As a follow up to my post yesterday, I wanted to write about the center of Martin Luther’s theology. I am by no means a church history expert (or an expert on Luther), but I hope this will provide you even more insight into Luther’s heart for gospel-centered theology.
Without a doubt, all the aspects of Luther’s theology play a vital role across the spectrum of Protestantism today. The doctrine of justification by faith is typically the preeminent banner that flies over Lutheran theology, in particular. Perhaps, however, Luther’s doctrine of “law and gospel” was his theological center.
According to Luther, the revelation of God is made manifest in two ways: law and gospel. This does not mean the Old Testament is law and the New Testament is gospel. Rather, God reveals himself throughout the Bible—in both Testaments—through law and gospel. Throughout Scripture, God reveals both words of judgment (law) and words of grace (gospel). Indeed, grace is empty without hearing a word of judgment. A word of judgment drives to despair without grace.
The reason that the doctrine of law and gospel may preeminent in Luther’s theology (over against justification by faith) is that it logically precedes it. The law communicates God’s infinite holiness and how unworthy humans are of relationship with him because of their sinfulness. The word of forgiveness is found in the gospel. The gospel is only good news because of the incredibly bad news that humans cannot (even will not) be reconciled to God. Therefore, law and gospel paves the way for justification by faith. Rather than simply believing that God justifies sinners, law and gospel helps the Christian understand why God can justify sinners. God can only justify sinners because of his word of grace in the life, death, and resurrection of his Son Jesus. Once a person receives this by faith, they are justified in God’s sight.
Justification by faith may lead some to assume antinomianism. This is not the case, however, according to Luther. After justification (being declared righteous before God) by faith, the word of law plays a different role in the believers life than before. The law, which used to be a word of condemnation, is now the pathway to joy and blessing. It was formerly a word of “must do;” now it is a word of “get to.” As Luther himself writes, “Earlier it told me what I ought to do. Now I begin to adapt myself to it.”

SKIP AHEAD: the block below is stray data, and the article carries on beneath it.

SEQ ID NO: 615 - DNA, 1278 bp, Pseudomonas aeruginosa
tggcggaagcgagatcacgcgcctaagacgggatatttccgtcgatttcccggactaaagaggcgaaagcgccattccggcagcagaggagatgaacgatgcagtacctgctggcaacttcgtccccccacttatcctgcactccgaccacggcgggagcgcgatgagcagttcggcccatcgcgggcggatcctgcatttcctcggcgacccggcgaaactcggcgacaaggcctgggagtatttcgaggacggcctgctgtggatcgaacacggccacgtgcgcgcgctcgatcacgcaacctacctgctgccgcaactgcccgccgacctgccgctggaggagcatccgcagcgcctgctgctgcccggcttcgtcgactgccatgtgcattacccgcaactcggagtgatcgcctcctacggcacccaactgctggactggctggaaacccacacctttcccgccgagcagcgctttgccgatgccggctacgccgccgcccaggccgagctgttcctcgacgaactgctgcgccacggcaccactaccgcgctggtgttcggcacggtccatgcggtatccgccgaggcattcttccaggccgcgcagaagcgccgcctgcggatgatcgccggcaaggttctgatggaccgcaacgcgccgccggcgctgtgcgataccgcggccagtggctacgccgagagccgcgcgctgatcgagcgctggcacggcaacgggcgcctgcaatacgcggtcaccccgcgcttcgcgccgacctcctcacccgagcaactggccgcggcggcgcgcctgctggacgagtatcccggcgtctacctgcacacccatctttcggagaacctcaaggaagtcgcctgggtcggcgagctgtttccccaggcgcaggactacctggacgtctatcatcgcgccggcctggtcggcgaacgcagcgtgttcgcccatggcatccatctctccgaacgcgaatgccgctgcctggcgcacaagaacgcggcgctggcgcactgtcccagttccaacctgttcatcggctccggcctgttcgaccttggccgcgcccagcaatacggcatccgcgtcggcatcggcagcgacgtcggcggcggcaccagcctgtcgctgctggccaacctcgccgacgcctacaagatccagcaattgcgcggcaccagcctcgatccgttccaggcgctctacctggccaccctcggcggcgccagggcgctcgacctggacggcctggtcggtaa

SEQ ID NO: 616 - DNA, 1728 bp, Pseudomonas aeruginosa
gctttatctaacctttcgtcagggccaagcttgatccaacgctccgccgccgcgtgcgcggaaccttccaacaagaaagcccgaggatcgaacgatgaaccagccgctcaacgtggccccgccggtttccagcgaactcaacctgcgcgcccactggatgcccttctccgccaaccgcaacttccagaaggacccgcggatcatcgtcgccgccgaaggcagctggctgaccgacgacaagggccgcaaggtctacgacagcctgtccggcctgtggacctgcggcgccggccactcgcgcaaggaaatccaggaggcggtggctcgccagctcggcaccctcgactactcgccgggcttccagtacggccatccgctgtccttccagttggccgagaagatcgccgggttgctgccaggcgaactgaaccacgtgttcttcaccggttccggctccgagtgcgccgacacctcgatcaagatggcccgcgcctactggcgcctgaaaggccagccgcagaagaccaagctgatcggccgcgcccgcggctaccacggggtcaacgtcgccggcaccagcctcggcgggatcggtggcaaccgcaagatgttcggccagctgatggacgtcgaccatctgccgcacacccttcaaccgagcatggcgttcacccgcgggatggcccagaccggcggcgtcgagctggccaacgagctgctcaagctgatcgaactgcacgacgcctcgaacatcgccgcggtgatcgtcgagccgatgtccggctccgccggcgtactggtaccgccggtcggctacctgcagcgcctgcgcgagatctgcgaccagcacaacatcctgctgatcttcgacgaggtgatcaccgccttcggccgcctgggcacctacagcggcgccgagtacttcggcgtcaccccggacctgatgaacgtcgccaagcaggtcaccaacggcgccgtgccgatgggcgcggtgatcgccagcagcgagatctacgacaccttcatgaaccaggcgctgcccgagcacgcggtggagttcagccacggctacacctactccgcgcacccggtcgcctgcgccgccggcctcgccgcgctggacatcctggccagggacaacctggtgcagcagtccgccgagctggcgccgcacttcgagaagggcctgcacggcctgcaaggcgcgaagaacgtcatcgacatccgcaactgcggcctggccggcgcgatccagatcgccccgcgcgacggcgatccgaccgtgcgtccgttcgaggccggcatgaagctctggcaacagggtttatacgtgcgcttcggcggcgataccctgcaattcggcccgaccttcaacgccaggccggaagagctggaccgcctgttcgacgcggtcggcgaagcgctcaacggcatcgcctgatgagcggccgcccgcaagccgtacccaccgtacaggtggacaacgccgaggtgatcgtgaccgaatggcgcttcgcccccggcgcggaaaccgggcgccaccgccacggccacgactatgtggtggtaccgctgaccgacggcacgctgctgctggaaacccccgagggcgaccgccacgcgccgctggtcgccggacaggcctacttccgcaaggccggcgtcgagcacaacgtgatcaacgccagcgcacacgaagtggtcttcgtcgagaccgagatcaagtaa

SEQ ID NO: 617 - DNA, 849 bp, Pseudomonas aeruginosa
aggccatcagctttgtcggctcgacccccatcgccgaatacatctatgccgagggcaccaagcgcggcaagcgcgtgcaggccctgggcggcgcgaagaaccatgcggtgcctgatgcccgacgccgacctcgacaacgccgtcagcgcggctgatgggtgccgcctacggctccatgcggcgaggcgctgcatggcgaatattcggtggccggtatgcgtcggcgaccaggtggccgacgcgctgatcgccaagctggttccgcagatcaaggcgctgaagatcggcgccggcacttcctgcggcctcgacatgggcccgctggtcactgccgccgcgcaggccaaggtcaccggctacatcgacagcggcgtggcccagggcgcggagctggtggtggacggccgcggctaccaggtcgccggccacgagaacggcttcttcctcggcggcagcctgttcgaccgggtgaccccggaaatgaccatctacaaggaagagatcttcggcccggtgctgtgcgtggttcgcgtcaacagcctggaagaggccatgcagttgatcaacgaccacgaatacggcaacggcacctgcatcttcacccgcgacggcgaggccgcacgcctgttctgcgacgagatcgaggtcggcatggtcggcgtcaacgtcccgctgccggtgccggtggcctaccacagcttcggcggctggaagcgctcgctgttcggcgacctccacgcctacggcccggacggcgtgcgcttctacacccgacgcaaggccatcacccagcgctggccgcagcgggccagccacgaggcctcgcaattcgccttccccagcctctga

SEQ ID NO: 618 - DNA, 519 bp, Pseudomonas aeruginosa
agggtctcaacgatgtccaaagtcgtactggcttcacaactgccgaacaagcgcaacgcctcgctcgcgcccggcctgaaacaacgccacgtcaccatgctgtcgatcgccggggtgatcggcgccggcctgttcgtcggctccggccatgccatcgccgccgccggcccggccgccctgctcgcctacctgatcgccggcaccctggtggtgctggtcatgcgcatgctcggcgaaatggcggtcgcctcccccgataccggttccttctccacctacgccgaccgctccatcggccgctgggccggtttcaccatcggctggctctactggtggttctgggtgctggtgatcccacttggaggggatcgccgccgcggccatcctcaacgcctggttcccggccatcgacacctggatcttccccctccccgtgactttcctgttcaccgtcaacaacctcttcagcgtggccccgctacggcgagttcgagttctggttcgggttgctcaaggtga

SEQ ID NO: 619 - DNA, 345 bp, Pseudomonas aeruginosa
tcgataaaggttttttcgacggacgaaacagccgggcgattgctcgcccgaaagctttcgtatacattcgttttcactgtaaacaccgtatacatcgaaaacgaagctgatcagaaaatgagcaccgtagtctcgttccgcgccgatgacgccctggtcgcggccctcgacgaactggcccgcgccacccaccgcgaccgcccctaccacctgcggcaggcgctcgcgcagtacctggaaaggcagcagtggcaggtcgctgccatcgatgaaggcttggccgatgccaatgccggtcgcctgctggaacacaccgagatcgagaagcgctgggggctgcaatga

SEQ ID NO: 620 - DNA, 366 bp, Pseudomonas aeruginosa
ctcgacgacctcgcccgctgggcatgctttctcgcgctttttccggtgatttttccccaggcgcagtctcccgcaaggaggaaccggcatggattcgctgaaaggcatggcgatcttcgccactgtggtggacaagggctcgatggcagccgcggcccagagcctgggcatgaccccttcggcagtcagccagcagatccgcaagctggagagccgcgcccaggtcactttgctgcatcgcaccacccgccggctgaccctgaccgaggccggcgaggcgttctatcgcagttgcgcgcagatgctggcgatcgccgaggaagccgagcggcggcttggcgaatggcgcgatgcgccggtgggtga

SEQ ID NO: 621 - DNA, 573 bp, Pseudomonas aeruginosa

Finally, there is a constant dialectic between law and gospel which leads the Christian to believe he is at the same time both sinful and justified. This was a hallmark of Luther’s view of the Christian life. Thus, there is an inherent link between law and gospel. The law is given to show our sinfulness even as Christians and our constant, continually need of the Redeemer. The gospel reveals Christ, the Redeemer, in all his saving might. Then, even after we are justified by faith, the gospel frees us to adapt ourselves to the law and live in a manner worth of our justification.
Whether or not we perfectly agree with Luther on this law-gospel tension as the center of Christian theology, we can be thankful for his relentless pursuit of gospel-centeredness in his own day as we seek to pursue the same in ours.
 Justo L. González, The Story of Christianity: The Reformation to the Present Day, rev. ed., (New York: Harper One, 2010), 51.
 Ibid., 62.